Jodi Jacobson, Editor in Chief of RH Reality Check, which is (in their own words) an “online community and publication serving individuals and organizations committed to advancing sexual and reproductive health and rights” wrote an article yesterday about a woman that was denied boarding because of the shirt that she was wearing.
The woman, identified as O in the piece, was traveling on American Airlines and making a connection in D.C. to another American Airlines flight.
She wore a T-shirt that was printed “If I wanted the government in my womb, I’d f*ck a senator (edited: it was actually spelled out).”
It must have gone unnoticed by staff when she boarded the first flight:
I was one of the first groups to board (did not pass by many folks). I was wearing my shawl just loosely around my neck
But at the end of the flight the Captain asked to speak with O
When I was leaving the plane the captain stepped off with me and told me I should not have been allowed to board the plane in DC and needed to change before boarding my next flight.
She didn’t know what to do. Her baggage was already through-checked and changing her shirt without spending money wasn’t possible, she called an attorney that advised her to cover it up with here shawl.
Upon boarding the now rescheduled flight with shawl covering my shirt, my ticket dinged invalid. I was pulled to the side while the gentleman entered some codes into the computer and then told, “it was all good.” I did finally arrive home to pick up my daughter an hour and a half later than scheduled.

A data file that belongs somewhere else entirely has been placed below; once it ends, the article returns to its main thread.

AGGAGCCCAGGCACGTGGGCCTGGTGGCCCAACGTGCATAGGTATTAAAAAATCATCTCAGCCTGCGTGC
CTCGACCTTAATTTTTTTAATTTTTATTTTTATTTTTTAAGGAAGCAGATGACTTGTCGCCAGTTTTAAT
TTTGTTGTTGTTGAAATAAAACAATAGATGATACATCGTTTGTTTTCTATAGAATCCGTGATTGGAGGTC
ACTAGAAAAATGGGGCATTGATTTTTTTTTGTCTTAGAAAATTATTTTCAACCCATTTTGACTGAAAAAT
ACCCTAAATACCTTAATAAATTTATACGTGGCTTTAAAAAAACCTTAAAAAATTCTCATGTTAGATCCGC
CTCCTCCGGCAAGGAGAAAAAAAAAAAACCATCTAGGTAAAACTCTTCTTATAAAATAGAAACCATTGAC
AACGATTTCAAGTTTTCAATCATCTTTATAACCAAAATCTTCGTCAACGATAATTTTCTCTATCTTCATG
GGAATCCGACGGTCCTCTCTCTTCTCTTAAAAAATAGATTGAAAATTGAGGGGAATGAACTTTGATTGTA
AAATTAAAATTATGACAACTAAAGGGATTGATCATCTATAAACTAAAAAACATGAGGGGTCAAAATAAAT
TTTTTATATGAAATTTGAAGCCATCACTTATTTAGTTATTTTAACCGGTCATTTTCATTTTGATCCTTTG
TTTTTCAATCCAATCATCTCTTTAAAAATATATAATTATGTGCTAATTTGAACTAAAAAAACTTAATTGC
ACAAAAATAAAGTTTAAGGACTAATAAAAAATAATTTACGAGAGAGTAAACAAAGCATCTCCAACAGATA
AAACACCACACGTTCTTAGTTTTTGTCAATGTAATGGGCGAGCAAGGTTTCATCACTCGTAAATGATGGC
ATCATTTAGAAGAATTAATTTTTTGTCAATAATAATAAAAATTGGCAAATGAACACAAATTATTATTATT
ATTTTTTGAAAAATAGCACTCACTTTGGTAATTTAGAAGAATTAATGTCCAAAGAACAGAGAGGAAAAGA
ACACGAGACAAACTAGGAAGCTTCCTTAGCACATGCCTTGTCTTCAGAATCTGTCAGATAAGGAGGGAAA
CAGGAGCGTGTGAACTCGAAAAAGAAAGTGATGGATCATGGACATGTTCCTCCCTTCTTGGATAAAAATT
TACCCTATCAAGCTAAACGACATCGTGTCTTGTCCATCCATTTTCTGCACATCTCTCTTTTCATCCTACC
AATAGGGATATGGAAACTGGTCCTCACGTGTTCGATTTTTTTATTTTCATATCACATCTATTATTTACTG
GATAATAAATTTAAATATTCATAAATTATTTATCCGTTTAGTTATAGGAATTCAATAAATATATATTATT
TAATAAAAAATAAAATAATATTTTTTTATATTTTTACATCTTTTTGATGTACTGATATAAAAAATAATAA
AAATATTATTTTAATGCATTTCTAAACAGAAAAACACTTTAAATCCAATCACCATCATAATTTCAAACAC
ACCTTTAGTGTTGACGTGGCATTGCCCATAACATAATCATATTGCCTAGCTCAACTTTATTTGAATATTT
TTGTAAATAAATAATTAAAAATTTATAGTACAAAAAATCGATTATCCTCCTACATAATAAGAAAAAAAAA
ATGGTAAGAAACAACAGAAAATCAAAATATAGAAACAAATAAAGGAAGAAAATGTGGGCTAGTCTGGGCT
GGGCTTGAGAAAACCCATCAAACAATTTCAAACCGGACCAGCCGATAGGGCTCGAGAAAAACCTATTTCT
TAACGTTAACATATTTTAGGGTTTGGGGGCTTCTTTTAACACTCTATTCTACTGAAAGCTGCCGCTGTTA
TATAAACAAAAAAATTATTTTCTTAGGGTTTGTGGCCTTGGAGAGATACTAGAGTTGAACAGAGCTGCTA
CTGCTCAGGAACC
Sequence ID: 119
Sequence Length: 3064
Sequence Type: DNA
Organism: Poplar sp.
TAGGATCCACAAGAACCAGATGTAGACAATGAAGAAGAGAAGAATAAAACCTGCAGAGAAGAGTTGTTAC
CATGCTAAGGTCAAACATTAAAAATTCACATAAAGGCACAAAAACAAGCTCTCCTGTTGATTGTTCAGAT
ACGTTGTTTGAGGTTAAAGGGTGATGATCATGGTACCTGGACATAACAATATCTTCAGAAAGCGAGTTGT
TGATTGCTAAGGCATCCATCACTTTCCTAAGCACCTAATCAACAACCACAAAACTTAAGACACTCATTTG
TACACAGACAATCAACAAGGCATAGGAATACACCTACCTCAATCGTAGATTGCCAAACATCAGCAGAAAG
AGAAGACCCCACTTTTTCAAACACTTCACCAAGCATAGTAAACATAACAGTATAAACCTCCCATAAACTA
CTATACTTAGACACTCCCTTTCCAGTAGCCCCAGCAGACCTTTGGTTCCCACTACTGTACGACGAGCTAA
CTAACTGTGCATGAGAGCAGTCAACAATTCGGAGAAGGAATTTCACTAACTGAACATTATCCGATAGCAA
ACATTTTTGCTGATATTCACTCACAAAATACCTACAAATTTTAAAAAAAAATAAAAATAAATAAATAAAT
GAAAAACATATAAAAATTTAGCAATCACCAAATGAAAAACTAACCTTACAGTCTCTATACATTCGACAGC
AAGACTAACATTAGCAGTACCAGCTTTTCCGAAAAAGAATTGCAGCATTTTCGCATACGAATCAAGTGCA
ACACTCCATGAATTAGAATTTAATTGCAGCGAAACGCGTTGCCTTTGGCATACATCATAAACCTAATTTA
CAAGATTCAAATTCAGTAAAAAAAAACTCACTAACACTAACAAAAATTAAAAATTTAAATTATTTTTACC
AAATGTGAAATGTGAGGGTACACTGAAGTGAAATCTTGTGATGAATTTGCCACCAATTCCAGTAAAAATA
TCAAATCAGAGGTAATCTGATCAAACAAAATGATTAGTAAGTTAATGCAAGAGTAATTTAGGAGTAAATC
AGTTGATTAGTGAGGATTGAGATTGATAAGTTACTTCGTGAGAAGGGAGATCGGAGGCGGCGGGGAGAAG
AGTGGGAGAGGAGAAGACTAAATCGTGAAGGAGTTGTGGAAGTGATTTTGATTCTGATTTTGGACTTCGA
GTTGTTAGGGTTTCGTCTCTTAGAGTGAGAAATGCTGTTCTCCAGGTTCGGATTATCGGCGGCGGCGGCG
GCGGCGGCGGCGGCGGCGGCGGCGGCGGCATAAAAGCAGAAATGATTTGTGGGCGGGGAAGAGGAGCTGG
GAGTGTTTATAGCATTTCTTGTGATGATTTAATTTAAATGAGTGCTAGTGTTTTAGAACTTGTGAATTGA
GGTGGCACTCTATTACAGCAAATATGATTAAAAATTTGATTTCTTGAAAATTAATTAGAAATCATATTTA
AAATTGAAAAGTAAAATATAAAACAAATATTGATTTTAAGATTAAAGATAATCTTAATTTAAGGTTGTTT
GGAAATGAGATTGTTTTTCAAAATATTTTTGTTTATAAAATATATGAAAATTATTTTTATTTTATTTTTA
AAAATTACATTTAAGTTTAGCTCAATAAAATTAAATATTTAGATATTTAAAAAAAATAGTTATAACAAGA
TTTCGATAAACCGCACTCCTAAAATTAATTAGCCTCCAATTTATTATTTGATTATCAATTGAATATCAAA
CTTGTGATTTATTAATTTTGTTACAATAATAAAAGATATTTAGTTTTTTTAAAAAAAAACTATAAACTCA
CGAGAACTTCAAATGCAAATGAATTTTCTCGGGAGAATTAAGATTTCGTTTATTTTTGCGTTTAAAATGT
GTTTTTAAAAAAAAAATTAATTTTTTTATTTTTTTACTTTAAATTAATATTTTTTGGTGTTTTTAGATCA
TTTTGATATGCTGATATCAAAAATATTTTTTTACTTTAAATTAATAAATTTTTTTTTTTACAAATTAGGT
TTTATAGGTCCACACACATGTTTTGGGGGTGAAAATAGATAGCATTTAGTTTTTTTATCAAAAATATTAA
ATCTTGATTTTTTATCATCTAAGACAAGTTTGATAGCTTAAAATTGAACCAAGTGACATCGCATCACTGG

American’s Condition of Carriage is pretty clear. Under “Acceptance of Passengers Section 6-f:
American may refuse to transport you, or may remove you from your flight at any point, for one or several reasons, including but not limited to the following:
Are clothed in a manner that would cause discomfort or offense to other passengers.
Ms Jacobson sees it differently:
“You can’t take that message that your body is your own anywhere. Because in the United States today…(t)hat is ‘offensive,’ ‘insulting’ and ‘not for public consumption’.”
At least according to American Airlines, which apparently has not heard the term freedom of expression
American Airlines owes a huge — and public– apology to O.
And she’s started an online petition at Change.org
American Airlines: Apologize for kicking O. off her flight for “offensive” pro-choice t-shirt.
I’m not indifferent to politics, though I’m not much of a partisan and I vote for candidates on both sides of aisle, and I generally avoid political discussions, but it seems to me:
That if O felt so strongly about the message on her T-shirt, then she should have called around to the various airlines asking if it would be okay for her to wear it on a flight.
And…American has a responsibility to all their customers and it’s not inconceivable that may passengers would have been offended by the T-shirt. They were enforcing the rules, which O had already accepted. I’m not surprised that she was denied boarding.
So I’m wondering what you think? Share you thoughts in the comment section and/or vote in the reader poll.